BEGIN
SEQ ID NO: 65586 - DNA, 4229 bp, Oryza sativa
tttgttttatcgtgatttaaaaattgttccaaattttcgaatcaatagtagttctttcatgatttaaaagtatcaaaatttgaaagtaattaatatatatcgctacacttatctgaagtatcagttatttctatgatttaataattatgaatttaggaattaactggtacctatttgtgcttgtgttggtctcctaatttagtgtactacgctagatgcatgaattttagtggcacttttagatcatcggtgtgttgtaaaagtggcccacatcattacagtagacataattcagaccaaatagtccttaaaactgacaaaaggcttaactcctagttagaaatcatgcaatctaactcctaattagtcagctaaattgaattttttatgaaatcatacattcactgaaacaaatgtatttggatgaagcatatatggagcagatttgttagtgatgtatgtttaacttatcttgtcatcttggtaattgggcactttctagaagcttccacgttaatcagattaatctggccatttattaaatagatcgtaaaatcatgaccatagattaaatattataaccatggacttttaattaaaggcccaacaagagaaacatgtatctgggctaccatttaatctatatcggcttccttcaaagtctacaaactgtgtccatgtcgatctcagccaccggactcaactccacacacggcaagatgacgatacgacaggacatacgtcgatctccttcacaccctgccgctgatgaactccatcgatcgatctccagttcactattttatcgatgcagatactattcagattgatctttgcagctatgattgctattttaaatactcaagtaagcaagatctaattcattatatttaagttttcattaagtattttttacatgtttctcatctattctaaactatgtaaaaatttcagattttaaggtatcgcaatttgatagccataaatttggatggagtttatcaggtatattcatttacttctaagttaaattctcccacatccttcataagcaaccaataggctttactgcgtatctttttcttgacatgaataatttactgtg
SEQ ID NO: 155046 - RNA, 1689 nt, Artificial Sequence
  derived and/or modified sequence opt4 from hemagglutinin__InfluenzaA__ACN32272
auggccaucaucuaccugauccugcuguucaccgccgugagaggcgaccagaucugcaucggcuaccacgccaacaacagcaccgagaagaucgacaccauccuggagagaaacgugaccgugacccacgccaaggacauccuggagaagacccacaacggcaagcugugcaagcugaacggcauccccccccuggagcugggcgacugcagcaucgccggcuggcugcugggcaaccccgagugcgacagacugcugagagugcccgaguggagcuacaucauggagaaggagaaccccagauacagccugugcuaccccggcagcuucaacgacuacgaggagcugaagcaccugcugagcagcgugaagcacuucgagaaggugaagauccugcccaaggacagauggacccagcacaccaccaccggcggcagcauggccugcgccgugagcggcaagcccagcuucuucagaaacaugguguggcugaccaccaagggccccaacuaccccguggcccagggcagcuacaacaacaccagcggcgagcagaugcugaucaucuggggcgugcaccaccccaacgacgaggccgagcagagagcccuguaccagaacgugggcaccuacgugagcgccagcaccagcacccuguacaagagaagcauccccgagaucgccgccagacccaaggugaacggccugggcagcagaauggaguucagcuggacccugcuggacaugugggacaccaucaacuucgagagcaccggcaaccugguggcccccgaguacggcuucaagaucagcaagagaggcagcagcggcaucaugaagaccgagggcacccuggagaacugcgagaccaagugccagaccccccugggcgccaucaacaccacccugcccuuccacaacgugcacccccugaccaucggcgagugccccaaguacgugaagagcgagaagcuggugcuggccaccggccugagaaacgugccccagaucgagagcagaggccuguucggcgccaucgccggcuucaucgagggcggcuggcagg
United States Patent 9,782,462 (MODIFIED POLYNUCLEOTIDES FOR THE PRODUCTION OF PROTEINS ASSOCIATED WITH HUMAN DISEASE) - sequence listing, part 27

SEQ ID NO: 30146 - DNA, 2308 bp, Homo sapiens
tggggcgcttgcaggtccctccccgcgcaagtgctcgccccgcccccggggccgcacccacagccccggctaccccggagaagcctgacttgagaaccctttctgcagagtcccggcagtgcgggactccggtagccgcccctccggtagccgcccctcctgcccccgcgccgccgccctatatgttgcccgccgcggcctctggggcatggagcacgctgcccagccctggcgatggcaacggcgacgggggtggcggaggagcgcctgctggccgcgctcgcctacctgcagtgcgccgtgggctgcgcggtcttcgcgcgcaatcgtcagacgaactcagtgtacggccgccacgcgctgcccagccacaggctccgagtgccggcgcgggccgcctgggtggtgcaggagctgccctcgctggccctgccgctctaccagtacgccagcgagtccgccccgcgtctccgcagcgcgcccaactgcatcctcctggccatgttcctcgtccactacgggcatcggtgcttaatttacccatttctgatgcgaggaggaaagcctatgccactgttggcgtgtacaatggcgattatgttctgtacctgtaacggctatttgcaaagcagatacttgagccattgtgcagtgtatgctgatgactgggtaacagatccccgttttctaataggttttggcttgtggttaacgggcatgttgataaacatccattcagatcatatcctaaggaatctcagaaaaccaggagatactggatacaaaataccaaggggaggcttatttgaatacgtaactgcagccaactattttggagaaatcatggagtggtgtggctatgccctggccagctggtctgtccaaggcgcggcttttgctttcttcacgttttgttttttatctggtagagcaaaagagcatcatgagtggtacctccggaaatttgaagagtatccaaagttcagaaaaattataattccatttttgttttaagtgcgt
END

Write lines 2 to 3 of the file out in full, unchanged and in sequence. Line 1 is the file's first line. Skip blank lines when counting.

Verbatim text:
tttgttttatcgtgatttaaaaattgttccaaattttcgaatcaatagtagttctttcatgatttaaaagtatcaaaatttgaaagtaattaatatatatcgctacacttatctgaagtatcagttatttctatgatttaataattatgaatttaggaattaactggtacctatttgtgcttgtgttggtctcctaatttagtgtactacgctagatgcatgaattttagtggcacttttagatcatcggtgtgttgtaaaagtggcccacatcattacagtagacataattcagaccaaatagtccttaaaactgacaaaaggcttaactcctagttagaaatcatgcaatctaactcctaattagtcagctaaattgaattttttatgaaatcatacattcactgaaacaaatgtatttggatgaagcatatatggagcagatttgttagtgatgtatgtttaacttatcttgtcatcttggtaattgggcactttctagaagcttccacgttaatcagattaatctggccatttattaaatagatcgtaaaatcatgaccatagattaaatattataaccatggacttttaattaaaggcccaacaagagaaacatgtatctgggctaccatttaatctatatcggcttccttcaaagtctacaaactgtgtccatgtcgatctcagccaccggactcaactccacacacggcaagatgacgatacgacaggacatacgtcgatctccttcacaccctgccgctgatgaactccatcgatcgatctccagttcactattttatcgatgcagatactattcagattgatctttgcagctatgattgctattttaaatactcaagtaagcaagatctaattcattatatttaagttttcattaagtattttttacatgtttctcatctattctaaactatgtaaaaatttcagattttaaggtatcgcaatttgatagccataaatttggatggagtttatcaggtatattcatttacttctaagttaaattctcccacatccttcataagcaaccaataggctttactgcgtatctttttcttgacatgaataatttactgtg
SEQ ID NO: 155046 - RNA, 1689 nt, Artificial Sequence